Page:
7-Segment LED Tutorial

Updated: Apr 16, 2021

Learn how to build a basic counter from a 7-Segment LED, controlling its speed from a potentiometer.

Above: Photo of the circuit you will be building. Turn the dial to increase or decrease the speed of the counter.

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Parts List (contains paid links):

Arduino UNO (1): https://amzn.to/3mHeKnz

7-Segment Common Cathode Numerical Display (1): https://amzn.to/3deTu5u

Potentiometer (1) : https://amzn.to/3a6Bvw7

Jumper Wires (Assorted): https://amzn.to/2QqrBhW

330 Ohm Resistor: https://amzn.to/3ddnj6g


Arduino IDE


A 7-Segment LED is simpler than it looks. It's actually just what its name implies -- a device with 7 distinct LED's. Each segment, or LED, is controlled the same way that a regular LED is turned on our off (high or low). To see a sample project from this site which uses the 7-Segment LED, refer to the Code Atari Breakout and Build your own Arduino Controller article.

Different types of 7-Segment LED's

Even with a regular LED, there is an Anode (usually the longer side, with is positive), and the Cathode (the shorter side, which connects to ground.).

Common Cathode (the type shown in this tutorial)- Each LED has its own VCC, which means they all need there own power source. However, there is only 1 common ground. So you end up having a bunch of wire all sending power to the device (1 wire to each segment), and then 1 wire coming out of it that it connected to ground.

Common Anode - This works the opposite of the above. We will not be using it for this tutorial.

About the 7-Segment LED

Shown to the right is the component that was used in this tutorial. It has a total of 10 pins. 7 of these pins are for each of the 7 LED's, with an addition for the Decimal point and then lastly 2 pin for ground.

If you search online, you can usually find the datasheet for the component you have. Since there are lot of varieties out there for 7-Segment LED's, I needed to find the info for the one I got at RadioShack. Although in this case the component is not very complicated, I believe it is good practice to find the data sheet and try to understand what it is telling you. Luckily, I was able to pair this up with the original plastic bag that it Radio

The back of the packaging from RadioShack (slightly crumpled...but still informative! ) to the left is showing what I think is a much clearer diagram of the pin locations on the display.

Connecting the display to the Arduino UNO

This is a chart that maps the segments to pins, then finally to the Arduino digital pins as shown in the schematic below. The order is important for reasons explained below. The code must know the mapping in order to light up the correct segments to draw numbers.

Breadboard Schematic


Install the SevSeg.h Library

The code uses the SevSeg library, which simplifies a lot of the work to tell the display which LED's to turn on for each number. To add this to your project go to Tools ->Manage Libraries...

Type "SevSeg" in the searcbar and then click Install.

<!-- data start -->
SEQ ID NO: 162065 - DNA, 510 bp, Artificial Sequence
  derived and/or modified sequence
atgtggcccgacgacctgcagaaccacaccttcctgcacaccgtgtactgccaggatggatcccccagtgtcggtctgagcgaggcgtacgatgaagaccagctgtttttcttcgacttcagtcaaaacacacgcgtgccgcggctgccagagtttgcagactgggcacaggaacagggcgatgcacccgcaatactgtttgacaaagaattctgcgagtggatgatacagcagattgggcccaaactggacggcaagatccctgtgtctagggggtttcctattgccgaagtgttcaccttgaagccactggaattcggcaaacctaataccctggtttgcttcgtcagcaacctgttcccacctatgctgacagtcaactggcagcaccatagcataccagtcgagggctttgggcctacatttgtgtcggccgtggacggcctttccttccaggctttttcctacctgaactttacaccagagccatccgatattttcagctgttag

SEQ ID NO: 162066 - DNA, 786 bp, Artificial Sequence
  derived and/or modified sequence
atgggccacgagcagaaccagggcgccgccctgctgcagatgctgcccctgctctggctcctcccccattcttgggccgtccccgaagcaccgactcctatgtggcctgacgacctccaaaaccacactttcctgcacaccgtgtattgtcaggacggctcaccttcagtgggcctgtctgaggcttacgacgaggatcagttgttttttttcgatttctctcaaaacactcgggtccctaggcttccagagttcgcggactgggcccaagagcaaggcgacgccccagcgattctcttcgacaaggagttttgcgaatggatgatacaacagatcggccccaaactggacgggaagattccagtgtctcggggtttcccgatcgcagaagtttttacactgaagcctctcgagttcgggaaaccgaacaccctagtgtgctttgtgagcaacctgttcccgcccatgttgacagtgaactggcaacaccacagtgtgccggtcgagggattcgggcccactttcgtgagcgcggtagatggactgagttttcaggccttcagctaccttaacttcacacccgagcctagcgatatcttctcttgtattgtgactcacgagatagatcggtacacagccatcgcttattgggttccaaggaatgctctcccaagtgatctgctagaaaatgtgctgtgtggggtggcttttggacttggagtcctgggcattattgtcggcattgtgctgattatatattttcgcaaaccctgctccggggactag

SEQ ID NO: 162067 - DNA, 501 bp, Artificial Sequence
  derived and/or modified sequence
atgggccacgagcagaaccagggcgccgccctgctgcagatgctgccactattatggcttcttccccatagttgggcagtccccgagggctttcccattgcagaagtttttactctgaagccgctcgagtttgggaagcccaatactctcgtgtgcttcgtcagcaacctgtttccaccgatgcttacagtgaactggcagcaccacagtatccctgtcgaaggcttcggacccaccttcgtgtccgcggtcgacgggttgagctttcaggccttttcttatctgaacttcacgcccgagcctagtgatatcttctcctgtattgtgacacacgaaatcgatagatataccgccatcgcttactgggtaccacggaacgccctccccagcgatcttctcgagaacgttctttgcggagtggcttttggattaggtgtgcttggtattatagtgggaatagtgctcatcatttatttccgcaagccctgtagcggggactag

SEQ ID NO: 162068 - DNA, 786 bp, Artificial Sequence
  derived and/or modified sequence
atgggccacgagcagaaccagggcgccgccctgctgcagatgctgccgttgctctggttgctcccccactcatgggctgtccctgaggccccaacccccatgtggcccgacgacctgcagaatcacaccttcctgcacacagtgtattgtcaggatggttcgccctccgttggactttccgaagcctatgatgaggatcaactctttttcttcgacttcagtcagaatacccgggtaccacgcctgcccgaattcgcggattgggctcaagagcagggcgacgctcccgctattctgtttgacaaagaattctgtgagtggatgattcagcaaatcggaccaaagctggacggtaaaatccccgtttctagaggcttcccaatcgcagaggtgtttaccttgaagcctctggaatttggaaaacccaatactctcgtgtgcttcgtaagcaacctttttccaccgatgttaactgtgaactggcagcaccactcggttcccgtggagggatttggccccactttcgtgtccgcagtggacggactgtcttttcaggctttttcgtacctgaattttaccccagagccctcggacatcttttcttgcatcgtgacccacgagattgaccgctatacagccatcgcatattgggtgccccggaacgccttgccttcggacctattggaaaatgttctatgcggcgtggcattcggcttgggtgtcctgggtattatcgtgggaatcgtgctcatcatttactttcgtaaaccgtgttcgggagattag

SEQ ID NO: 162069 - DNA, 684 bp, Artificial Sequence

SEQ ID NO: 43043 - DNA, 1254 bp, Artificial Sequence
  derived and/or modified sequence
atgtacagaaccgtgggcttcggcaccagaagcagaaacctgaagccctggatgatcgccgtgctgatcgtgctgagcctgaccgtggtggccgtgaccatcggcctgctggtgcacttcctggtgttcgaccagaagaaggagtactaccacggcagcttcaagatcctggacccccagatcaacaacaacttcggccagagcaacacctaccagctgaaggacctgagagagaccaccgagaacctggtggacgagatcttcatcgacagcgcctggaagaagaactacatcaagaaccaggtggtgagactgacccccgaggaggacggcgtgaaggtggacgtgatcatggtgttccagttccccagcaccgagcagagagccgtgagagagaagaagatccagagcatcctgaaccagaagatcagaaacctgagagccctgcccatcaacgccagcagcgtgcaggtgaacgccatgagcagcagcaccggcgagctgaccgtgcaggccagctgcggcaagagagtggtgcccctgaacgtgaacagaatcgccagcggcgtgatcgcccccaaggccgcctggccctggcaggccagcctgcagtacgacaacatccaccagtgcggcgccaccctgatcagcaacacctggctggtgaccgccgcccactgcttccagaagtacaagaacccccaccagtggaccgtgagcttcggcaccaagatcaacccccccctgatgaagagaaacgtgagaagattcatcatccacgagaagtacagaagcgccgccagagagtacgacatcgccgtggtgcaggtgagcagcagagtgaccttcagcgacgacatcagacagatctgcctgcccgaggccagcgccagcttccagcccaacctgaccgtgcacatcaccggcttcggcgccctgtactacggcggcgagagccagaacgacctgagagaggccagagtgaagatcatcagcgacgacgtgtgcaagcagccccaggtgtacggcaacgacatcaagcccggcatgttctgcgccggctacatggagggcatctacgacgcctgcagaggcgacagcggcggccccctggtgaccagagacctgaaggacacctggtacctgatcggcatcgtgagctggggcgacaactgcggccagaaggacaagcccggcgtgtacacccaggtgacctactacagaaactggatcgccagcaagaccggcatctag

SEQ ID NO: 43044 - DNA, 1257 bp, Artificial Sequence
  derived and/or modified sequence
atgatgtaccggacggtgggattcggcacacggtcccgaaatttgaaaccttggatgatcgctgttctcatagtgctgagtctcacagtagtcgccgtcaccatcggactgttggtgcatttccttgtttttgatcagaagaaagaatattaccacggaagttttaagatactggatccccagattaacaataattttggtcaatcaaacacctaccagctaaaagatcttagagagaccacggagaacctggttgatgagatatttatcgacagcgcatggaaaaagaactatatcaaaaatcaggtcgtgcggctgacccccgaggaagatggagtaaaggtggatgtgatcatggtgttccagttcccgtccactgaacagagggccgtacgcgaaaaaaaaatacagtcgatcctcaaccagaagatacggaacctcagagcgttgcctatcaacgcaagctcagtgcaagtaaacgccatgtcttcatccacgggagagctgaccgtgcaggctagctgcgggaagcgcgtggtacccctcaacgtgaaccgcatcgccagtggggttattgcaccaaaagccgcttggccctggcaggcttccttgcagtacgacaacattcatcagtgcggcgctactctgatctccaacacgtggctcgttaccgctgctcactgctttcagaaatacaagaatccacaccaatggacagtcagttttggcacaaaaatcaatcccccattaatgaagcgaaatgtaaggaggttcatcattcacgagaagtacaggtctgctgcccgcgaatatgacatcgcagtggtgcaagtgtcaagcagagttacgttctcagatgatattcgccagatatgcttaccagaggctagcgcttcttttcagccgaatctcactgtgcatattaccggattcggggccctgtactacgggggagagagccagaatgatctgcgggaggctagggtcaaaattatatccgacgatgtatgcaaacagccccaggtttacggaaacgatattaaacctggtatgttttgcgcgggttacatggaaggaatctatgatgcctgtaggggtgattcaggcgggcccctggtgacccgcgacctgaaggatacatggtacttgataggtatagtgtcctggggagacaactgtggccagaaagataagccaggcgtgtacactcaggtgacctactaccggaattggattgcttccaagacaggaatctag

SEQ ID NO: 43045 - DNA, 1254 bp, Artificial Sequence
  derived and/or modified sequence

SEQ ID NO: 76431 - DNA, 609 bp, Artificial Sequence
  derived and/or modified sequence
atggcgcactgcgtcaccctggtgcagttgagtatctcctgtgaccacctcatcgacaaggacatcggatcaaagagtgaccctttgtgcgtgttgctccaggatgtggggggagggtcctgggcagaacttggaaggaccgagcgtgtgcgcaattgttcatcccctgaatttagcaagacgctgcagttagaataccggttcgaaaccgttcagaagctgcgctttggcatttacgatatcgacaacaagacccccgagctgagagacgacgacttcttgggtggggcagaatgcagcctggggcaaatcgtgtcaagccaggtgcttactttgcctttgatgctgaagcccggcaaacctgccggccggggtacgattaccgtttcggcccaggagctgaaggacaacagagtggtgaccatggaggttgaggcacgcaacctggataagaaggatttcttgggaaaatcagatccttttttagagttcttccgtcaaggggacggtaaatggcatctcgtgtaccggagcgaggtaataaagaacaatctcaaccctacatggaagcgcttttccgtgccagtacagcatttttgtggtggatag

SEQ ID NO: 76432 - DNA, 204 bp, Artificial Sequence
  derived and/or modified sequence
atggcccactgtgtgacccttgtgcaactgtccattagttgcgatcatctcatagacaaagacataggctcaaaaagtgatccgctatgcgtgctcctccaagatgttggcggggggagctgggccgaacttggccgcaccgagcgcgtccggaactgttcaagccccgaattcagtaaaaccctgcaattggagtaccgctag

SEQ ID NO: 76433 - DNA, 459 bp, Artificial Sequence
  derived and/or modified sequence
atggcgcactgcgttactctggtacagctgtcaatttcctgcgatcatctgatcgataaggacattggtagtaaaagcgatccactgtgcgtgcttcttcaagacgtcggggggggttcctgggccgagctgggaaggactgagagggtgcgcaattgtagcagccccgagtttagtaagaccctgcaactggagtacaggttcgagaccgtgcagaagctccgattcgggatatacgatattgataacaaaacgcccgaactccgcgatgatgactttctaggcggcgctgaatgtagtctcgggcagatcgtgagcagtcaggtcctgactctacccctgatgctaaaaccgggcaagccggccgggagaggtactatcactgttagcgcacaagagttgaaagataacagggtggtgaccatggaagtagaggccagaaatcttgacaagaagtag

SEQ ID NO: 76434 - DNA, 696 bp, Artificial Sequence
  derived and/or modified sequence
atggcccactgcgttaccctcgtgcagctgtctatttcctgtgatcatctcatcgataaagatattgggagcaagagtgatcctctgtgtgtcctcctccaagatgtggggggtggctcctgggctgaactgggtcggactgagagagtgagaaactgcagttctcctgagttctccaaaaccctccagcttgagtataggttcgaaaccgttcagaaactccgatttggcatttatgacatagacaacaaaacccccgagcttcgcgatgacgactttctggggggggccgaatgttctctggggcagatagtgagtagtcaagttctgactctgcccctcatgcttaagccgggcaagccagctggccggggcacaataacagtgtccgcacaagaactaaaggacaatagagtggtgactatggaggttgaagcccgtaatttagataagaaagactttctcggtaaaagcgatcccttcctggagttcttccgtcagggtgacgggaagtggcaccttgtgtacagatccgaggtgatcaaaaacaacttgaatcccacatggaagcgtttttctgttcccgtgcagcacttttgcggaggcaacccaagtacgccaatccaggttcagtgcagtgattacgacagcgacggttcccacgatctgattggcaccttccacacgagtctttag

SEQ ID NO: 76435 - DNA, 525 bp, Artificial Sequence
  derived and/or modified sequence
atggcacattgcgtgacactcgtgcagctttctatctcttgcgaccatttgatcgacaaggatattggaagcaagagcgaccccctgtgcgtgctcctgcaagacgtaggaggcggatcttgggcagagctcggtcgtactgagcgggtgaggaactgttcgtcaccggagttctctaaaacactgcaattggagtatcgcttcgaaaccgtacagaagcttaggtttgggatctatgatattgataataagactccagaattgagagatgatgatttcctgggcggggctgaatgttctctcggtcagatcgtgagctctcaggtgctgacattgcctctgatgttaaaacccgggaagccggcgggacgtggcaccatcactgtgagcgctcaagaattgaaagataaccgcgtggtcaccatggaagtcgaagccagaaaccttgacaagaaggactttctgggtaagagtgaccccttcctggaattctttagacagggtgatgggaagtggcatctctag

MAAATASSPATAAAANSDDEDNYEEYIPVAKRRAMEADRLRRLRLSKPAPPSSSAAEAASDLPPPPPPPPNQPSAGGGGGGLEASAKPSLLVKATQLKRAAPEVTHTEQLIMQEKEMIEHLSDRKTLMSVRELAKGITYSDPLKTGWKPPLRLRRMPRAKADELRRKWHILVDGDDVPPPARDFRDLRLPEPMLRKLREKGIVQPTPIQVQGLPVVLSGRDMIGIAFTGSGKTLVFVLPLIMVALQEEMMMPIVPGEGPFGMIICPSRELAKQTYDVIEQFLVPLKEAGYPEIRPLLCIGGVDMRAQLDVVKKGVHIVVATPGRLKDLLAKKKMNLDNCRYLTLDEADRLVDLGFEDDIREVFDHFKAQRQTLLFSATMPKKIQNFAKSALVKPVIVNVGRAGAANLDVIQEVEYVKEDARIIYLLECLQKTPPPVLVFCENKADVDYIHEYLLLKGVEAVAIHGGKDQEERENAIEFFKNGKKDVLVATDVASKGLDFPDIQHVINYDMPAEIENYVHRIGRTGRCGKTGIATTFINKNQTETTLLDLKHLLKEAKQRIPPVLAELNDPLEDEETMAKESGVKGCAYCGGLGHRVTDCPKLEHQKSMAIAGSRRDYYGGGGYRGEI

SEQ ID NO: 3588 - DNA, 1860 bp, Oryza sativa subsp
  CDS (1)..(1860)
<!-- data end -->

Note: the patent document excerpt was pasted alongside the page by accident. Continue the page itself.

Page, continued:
Once that's installed, it will allow us to do things like this, which will tell the display to show the digit '3'. This lights up 4 segments, so without this library we would have to 'teach' the program which segments = the digit 3.


The 'delay()' function

Especially in a lot of beginner tutorials on the Arduino, there is extensive use of the delay() function. It goes something like this:

// Wait for 1 second

This is fine if all we want to do is blink and LED once every second. But this actually stops the program thread for an entire seconds, meaning that the Arduino will not react to any sensors or perform any other code for that duration. For this project, we want to the Arduino to be continuously reading the value of our potentiometer, and then react immediately to adjust the speed that the numbers are changing. If we use the delay function, then it would be an entire second until the LED responded to any changes, and even then they would be momentary.

To illustrate this problem, look at the following:

void loop(){  
   val = analogRead(potPin) + 65; // Read potentiometer   
   delay(1000); // Wait 1 second
   num++;    // Increment Number    

The code after delay(1000) would only execute every 1 second...but so would the code prior to it.

So, the solution is to implement our own timing function.

void loop(){  
 val = analogRead(potPin) + 65; // Read potentiometer  
 if(millis()-time > val)   // Check if time has passed    
     // Increment Number
    time = millis();             

One last important bit about using the SevSeg Library...

we must pass the library details about our physical connections to the 7-segment display. The pin numbers are passed in alphabetical order, so it expects A, B, C, D....etc. Refer to the chart put together above for this to make sense.

byte segmentPins[] = {2, 3, 4, 6, 7, 9, 8, 5};

The Full Code

/* 7- Segment LED Tutorial with Speed Control
 * This example code demonstrates how make a 7-Segment
 * LED endlessly count from 0-9, and allow variable control
 * of the counting speed via a rotary potentiometer. The program
 * does so without the use of the 'delay()' function so that 
 * input is continusly received from the potentiometer.
 * CodeIsEveryWhere.com 

#include "SevSeg.h"
SevSeg sevseg; 

unsigned long time = millis();
int potPin = 0;
int val = 0; 
int num = 0;

void setup(){
  byte numDigits = 1;
  byte digitPins[] = {};
  byte segmentPins[] = {2, 3, 4, 6, 7, 9, 8, 5};
  bool resistorsOnSegments = true;  
  byte hardwareConfig = COMMON_CATHODE; 
  sevseg.begin(hardwareConfig, numDigits, digitPins, segmentPins, 

void loop(){  
  val = analogRead(potPin) + 65; 
  if(millis()-time > val)     
    if (num == 9) {
      num = 0;  
    } else {
    time = millis();